Interview with Zione Walker-Nthenda, IPAA Top 50 Public Sector Women award winner

23 May 2022

The Top 50 Public Sector Women awards were held in April. This year, they honoured and celebrated the enormous contributions of women during COVID-19.

Kevin Kapeke, a member of IPAA Victoria’s African-Australian CoP Committee interviewed committee member Zione Walker-Nthenda, IPAA Victoria’s African-Australian CoP Committee Member, and emerging finalist at this year’s Top 50 Public Sector Women awards, about her reflections on the awards and their importance.

[caption id="" align="alignnone" width="1920"]Zione Walker-Nthenda Zione Walker-Nthenda[/caption]

Zione is Director, Paving the Way Forward, North Melbourne and Flemington, Department of Families, Fairness and Housing and is a lawyer, social entrepreneur, and Executive within the Victoria Public Service. She is the co-founder of Incubate Foundation and founder of Community Builders Lab. Zione has experience in systemic, structural, and organisational change. She has worked at Victoria Police, Women’s Legal Service, Victoria Legal Aid, the Victorian Aboriginal Legal Service.

Some of the significant work she has led in her various roles include:
  • Most significant, family violence reforms in the family law system as the national co-convenor of Women's Legal Services Australia

  • Developing the first mentoring and professional development program for family violence lawyers in Victoria

  • Working with VEOHRC and police officers to develop the first human rights equity and diversity policy training for police by police in Australia as the Human Rights Manager at Victoria Police

  • Developing the first-ever Socialpreneurship Hackathon linking African Australians into the start-up ecosystem through Incubate Foundation

  • Collaborating with African Australian community leaders to facilitate community workshops and receive submissions from various community members and organisations to write the first-ever African community issues paper and action plan. This community issues paper was a precursor to the development of the ten-year Victorian African Communities Action Plan with the Victorian government committing $8.6 million for the first two years.

Zione describes herself as a global citizen, having attended schools in Hong Kong, England, Japan, Russia, Nigeria, and Australia.

What does a day in the life of a community engagement director involve? What are some of your favourite elements of your day?

Working with the team to develop and build bridges with the community through identifying, understanding, planning, and working with community members. It’s bringing a grassroots community knowledge and development context to systemic change. Favourite elements are meeting new people who through our work realise that government, is made up of people like them who are super keen to get their insights so we can provide services to meet their needs.

Who are some mentors you look up to who inspired the trajectory you’re on now? What did these mentors teach you?

I have not really been engaged in formal mentoring programs as a mentee though, I did work somewhere where the Managers were provided with paid mentors which were excellent and I would highly recommend to other organisations. I have had informal mentors and the key learning from them include knowing your value and worth and continually developing yourself (formally and informally) to learn and improve.  I am still studying; short courses and other things to get better and be better.  Assignments are a killer with work and caring responsibilities though!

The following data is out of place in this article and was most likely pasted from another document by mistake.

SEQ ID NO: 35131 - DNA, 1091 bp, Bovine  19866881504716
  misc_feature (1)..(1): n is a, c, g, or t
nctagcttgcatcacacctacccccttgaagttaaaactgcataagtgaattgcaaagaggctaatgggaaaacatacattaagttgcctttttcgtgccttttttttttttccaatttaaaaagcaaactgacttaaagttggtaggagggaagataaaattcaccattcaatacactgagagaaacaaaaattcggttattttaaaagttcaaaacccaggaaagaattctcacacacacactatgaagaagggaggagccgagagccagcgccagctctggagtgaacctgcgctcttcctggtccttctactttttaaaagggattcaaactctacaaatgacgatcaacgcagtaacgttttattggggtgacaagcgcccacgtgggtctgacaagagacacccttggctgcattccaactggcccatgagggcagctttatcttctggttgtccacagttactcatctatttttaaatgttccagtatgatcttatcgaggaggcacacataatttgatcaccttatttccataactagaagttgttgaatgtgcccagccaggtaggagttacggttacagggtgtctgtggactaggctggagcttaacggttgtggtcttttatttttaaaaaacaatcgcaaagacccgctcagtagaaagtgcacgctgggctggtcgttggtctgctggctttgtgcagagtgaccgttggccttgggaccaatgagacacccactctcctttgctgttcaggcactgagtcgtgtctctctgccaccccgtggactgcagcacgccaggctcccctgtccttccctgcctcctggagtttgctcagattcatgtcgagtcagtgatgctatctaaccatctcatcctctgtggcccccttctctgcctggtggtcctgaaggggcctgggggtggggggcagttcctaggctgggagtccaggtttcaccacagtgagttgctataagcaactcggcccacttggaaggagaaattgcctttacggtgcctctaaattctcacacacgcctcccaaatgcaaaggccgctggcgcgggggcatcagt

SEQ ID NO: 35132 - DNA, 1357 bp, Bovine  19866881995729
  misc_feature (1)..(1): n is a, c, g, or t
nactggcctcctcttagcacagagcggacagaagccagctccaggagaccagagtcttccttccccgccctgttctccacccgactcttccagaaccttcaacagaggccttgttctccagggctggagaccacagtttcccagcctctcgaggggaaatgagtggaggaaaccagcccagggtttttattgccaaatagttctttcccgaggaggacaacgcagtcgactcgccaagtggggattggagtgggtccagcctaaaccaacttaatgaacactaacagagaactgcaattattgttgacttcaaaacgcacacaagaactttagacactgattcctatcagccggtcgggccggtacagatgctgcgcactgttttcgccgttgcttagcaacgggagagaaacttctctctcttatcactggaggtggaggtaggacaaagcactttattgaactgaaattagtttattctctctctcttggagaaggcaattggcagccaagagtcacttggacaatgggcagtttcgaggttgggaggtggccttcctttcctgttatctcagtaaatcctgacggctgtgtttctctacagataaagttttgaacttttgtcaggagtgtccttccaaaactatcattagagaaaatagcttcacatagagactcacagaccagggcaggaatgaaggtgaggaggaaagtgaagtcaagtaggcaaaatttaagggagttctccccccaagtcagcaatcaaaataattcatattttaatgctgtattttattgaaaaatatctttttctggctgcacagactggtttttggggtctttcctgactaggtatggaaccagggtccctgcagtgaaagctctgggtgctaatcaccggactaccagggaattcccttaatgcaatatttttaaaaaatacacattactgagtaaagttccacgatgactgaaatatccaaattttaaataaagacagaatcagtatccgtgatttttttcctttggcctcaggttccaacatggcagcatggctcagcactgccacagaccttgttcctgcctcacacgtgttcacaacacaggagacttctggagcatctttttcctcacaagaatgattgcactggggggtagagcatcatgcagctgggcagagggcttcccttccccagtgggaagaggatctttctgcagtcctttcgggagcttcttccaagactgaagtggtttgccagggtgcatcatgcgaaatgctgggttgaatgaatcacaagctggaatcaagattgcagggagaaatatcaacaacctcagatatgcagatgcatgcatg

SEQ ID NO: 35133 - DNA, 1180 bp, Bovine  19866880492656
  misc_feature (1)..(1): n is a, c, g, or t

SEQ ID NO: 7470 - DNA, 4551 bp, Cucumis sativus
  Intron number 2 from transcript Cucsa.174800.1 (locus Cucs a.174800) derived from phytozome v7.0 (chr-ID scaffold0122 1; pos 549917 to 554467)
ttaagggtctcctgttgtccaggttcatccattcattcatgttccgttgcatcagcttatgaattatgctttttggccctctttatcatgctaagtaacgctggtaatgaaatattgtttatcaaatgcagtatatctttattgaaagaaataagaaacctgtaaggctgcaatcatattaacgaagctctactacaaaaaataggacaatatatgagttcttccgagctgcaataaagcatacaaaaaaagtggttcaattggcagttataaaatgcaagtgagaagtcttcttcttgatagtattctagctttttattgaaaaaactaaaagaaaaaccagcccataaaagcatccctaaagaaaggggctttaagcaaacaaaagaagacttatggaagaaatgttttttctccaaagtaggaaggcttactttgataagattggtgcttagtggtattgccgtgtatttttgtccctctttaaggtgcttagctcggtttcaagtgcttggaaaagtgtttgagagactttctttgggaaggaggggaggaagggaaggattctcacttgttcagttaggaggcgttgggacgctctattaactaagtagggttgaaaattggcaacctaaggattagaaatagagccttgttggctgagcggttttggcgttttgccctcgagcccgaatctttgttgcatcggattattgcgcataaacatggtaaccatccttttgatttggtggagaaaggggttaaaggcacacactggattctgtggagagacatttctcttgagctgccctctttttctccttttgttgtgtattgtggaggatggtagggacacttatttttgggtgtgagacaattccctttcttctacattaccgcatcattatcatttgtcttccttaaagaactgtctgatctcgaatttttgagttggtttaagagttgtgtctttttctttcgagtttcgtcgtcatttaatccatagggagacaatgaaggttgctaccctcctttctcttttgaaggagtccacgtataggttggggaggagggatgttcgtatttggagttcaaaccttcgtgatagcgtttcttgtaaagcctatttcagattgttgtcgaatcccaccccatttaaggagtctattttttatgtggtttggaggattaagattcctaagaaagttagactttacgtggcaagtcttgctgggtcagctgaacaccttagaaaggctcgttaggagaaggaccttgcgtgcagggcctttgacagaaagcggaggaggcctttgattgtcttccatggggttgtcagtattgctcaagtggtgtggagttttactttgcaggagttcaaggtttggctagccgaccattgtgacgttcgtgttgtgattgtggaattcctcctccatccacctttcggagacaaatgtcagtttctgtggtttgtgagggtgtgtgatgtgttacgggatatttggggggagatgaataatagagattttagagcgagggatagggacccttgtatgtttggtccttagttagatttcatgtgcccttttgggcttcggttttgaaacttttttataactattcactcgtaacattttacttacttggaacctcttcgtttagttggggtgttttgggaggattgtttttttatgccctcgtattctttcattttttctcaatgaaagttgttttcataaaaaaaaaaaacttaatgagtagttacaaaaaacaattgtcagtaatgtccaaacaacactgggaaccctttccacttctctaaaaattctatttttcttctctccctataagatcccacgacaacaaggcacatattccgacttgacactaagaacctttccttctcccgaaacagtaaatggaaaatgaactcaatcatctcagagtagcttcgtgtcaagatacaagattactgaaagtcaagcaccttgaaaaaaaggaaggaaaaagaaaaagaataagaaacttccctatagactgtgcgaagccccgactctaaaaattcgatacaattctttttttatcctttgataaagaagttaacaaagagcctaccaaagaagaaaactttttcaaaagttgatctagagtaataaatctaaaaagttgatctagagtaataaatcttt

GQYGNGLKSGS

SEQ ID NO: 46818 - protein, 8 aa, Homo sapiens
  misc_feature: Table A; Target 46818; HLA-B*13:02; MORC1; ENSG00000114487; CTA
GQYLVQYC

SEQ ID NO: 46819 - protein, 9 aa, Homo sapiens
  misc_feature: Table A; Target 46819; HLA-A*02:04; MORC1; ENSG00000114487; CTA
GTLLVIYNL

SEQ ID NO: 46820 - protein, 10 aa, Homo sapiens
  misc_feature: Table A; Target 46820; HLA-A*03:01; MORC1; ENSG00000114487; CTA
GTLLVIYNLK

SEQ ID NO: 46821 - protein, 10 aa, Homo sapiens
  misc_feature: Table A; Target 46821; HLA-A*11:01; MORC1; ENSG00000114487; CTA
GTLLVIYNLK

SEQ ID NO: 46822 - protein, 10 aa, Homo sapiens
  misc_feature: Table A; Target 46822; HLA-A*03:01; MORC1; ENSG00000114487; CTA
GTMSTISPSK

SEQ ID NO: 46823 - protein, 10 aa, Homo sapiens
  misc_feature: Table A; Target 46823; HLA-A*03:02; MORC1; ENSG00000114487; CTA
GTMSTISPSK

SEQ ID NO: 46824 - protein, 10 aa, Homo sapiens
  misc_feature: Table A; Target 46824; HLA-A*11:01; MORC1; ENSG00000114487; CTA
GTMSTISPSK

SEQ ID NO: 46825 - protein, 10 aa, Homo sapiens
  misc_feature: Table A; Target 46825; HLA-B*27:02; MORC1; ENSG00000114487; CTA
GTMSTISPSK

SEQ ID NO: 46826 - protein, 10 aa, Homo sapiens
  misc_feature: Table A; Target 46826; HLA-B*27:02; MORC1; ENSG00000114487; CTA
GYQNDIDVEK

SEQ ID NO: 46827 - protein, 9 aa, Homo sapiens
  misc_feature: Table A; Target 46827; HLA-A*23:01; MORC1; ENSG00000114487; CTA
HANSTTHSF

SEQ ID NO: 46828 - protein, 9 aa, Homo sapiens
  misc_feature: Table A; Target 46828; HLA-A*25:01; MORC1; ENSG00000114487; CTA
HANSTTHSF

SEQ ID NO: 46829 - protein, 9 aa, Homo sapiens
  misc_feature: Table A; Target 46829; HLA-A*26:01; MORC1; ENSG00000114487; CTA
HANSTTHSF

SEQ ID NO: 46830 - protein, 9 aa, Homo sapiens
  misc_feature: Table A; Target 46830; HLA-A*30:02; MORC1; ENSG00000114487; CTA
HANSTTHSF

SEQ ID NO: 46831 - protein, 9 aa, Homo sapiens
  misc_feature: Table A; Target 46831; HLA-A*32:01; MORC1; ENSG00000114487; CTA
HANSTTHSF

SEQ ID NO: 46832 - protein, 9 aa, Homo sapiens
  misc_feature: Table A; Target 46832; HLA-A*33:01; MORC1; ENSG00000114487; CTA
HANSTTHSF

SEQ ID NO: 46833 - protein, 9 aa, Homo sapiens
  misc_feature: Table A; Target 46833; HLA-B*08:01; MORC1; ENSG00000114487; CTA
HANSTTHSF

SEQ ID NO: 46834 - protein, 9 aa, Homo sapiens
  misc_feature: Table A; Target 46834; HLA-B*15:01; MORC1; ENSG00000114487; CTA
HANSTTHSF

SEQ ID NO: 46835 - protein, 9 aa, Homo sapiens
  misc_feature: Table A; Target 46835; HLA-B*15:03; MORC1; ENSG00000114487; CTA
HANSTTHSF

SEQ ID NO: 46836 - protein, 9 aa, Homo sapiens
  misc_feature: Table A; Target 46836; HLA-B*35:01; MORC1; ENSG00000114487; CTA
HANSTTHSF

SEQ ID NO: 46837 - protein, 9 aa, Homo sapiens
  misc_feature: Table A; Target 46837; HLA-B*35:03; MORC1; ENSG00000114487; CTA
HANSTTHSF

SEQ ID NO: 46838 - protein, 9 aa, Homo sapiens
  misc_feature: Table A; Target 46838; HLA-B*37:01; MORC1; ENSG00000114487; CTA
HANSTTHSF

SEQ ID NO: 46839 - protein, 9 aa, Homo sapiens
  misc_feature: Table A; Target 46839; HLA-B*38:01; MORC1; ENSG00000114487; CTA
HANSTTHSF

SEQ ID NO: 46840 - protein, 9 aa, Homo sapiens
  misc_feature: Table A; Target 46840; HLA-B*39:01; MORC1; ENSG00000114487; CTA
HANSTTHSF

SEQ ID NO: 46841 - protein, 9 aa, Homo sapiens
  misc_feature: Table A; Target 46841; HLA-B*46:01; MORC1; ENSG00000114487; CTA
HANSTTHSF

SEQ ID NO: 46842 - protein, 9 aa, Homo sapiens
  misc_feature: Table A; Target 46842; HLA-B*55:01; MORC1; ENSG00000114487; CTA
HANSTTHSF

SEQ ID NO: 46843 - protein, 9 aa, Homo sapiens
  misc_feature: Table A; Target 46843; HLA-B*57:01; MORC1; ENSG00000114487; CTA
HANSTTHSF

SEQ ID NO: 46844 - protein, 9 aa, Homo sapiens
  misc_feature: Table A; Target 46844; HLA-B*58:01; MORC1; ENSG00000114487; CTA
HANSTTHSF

From your perspective, what do you think are three qualities that this great group of 80 women recognised by IPAA Victoria share? 

Caring for the community, extending oneself beyond the obvious confines of one’s role, and respecting your teams; they really make the difference.

What challenges do young people face when it comes to finding work in our sector (or any sector)? How can they overcome these challenges? 

Big questions!1. Taking the time to understand one’s self; your strengths and challenges including the sensitive and delicate parts of yourself. 2. Identifying your skills, talents, and passions; wrapping that up into your unique value proposition for a job or business. 3. Connect with your networks; your friends, families, and their networks. Melbourne is two degrees of separation; you’ll be surprised that someone in your network is one or two steps removed from whoever it is you want to know or meet. Years ago, someone did a 6 degree of separation experiment and linked his grandmother in a Southern African village to Bill Clinton and another to Henry Kissinger. To help with overcoming challenges… I can’t pretend to know much here, but what has helped me has been reading about other people’s lives, self-development, reaching out to others and doing the things that make me happy (which can be totally superficial as long as it makes you feel as happy as a pig luxuriating in mud)!

What do you wish you had known ten years ago that you know now?

Gee, am I at the looking back stage….??  Get a buffer!By that, I mean a buffer of people who make you feel good, who elevate and encourage you so that when the inevitable bumpy times come, your buffer acts as a cushion until you get back up again.IPAA Victoria’s African-Australian Community of Practice congratulates community leader and IPAA Victoria’s African-Australian committee member on being recently recognised as one of IPAA’s Top 50 Public Sector Women.

This article was written and prepared by the African-Australian Community of Practice network.

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